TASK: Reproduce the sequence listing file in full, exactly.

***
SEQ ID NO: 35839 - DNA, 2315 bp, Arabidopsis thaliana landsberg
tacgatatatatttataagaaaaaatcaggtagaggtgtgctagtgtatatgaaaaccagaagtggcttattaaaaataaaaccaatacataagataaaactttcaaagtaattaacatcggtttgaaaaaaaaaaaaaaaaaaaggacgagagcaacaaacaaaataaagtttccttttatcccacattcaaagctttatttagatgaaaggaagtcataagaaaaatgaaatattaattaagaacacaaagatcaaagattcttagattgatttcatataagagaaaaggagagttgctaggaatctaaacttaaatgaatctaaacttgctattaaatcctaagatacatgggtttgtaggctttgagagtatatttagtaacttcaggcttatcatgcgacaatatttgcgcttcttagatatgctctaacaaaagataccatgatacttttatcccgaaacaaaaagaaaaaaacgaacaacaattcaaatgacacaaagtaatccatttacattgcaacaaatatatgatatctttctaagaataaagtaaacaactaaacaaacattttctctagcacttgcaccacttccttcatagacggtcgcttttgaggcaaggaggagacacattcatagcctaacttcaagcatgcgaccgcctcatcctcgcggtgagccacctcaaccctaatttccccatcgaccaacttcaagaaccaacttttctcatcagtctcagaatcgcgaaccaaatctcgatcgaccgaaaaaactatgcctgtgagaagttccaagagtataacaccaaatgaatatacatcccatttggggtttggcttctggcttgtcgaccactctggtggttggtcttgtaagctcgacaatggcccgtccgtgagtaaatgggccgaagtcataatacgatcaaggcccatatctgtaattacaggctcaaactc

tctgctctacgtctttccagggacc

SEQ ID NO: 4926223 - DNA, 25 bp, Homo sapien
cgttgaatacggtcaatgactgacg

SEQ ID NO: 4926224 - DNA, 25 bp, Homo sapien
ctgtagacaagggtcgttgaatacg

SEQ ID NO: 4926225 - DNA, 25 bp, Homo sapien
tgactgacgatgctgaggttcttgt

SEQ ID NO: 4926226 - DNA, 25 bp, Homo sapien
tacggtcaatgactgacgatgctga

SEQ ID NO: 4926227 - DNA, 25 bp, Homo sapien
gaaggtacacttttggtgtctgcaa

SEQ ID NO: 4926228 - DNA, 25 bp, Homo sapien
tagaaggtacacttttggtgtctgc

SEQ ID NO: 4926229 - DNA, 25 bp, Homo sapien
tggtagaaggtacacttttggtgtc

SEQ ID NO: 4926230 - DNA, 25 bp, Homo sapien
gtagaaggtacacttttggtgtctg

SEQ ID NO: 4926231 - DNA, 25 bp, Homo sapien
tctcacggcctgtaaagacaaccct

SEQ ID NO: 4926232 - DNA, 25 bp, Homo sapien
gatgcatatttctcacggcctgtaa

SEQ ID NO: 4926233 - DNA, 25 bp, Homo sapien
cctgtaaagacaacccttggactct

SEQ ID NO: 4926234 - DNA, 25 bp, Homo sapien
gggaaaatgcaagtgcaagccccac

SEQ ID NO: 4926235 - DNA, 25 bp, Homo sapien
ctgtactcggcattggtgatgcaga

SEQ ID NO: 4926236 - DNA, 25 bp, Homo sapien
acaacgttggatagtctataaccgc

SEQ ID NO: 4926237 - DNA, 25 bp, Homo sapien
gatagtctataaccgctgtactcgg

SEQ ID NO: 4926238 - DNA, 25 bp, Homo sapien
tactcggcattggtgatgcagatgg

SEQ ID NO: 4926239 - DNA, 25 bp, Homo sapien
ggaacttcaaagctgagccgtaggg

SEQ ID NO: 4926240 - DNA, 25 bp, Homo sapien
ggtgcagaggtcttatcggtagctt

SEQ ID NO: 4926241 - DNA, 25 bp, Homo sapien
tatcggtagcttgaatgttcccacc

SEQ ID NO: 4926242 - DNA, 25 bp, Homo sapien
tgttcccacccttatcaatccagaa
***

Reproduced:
SEQ ID NO: 35839 - DNA, 2315 bp, Arabidopsis thaliana landsberg
tacgatatatatttataagaaaaaatcaggtagaggtgtgctagtgtatatgaaaaccagaagtggcttattaaaaataaaaccaatacataagataaaactttcaaagtaattaacatcggtttgaaaaaaaaaaaaaaaaaaaggacgagagcaacaaacaaaataaagtttccttttatcccacattcaaagctttatttagatgaaaggaagtcataagaaaaatgaaatattaattaagaacacaaagatcaaagattcttagattgatttcatataagagaaaaggagagttgctaggaatctaaacttaaatgaatctaaacttgctattaaatcctaagatacatgggtttgtaggctttgagagtatatttagtaacttcaggcttatcatgcgacaatatttgcgcttcttagatatgctctaacaaaagataccatgatacttttatcccgaaacaaaaagaaaaaaacgaacaacaattcaaatgacacaaagtaatccatttacattgcaacaaatatatgatatctttctaagaataaagtaaacaactaaacaaacattttctctagcacttgcaccacttccttcatagacggtcgcttttgaggcaaggaggagacacattcatagcctaacttcaagcatgcgaccgcctcatcctcgcggtgagccacctcaaccctaatttccccatcgaccaacttcaagaaccaacttttctcatcagtctcagaatcgcgaaccaaatctcgatcgaccgaaaaaactatgcctgtgagaagttccaagagtataacaccaaatgaatatacatcccatttggggtttggcttctggcttgtcgaccactctggtggttggtcttgtaagctcgacaatggcccgtccgtgagtaaatgggccgaagtcataatacgatcaaggcccatatctgtaattacaggctcaaactc

tctgctctacgtctttccagggacc

SEQ ID NO: 4926223 - DNA, 25 bp, Homo sapien
cgttgaatacggtcaatgactgacg

SEQ ID NO: 4926224 - DNA, 25 bp, Homo sapien
ctgtagacaagggtcgttgaatacg

SEQ ID NO: 4926225 - DNA, 25 bp, Homo sapien
tgactgacgatgctgaggttcttgt

SEQ ID NO: 4926226 - DNA, 25 bp, Homo sapien
tacggtcaatgactgacgatgctga

SEQ ID NO: 4926227 - DNA, 25 bp, Homo sapien
gaaggtacacttttggtgtctgcaa

SEQ ID NO: 4926228 - DNA, 25 bp, Homo sapien
tagaaggtacacttttggtgtctgc

SEQ ID NO: 4926229 - DNA, 25 bp, Homo sapien
tggtagaaggtacacttttggtgtc

SEQ ID NO: 4926230 - DNA, 25 bp, Homo sapien
gtagaaggtacacttttggtgtctg

SEQ ID NO: 4926231 - DNA, 25 bp, Homo sapien
tctcacggcctgtaaagacaaccct

SEQ ID NO: 4926232 - DNA, 25 bp, Homo sapien
gatgcatatttctcacggcctgtaa

SEQ ID NO: 4926233 - DNA, 25 bp, Homo sapien
cctgtaaagacaacccttggactct

SEQ ID NO: 4926234 - DNA, 25 bp, Homo sapien
gggaaaatgcaagtgcaagccccac

SEQ ID NO: 4926235 - DNA, 25 bp, Homo sapien
ctgtactcggcattggtgatgcaga

SEQ ID NO: 4926236 - DNA, 25 bp, Homo sapien
acaacgttggatagtctataaccgc

SEQ ID NO: 4926237 - DNA, 25 bp, Homo sapien
gatagtctataaccgctgtactcgg

SEQ ID NO: 4926238 - DNA, 25 bp, Homo sapien
tactcggcattggtgatgcagatgg

SEQ ID NO: 4926239 - DNA, 25 bp, Homo sapien
ggaacttcaaagctgagccgtaggg

SEQ ID NO: 4926240 - DNA, 25 bp, Homo sapien
ggtgcagaggtcttatcggtagctt

SEQ ID NO: 4926241 - DNA, 25 bp, Homo sapien
tatcggtagcttgaatgttcccacc

SEQ ID NO: 4926242 - DNA, 25 bp, Homo sapien
tgttcccacccttatcaatccagaa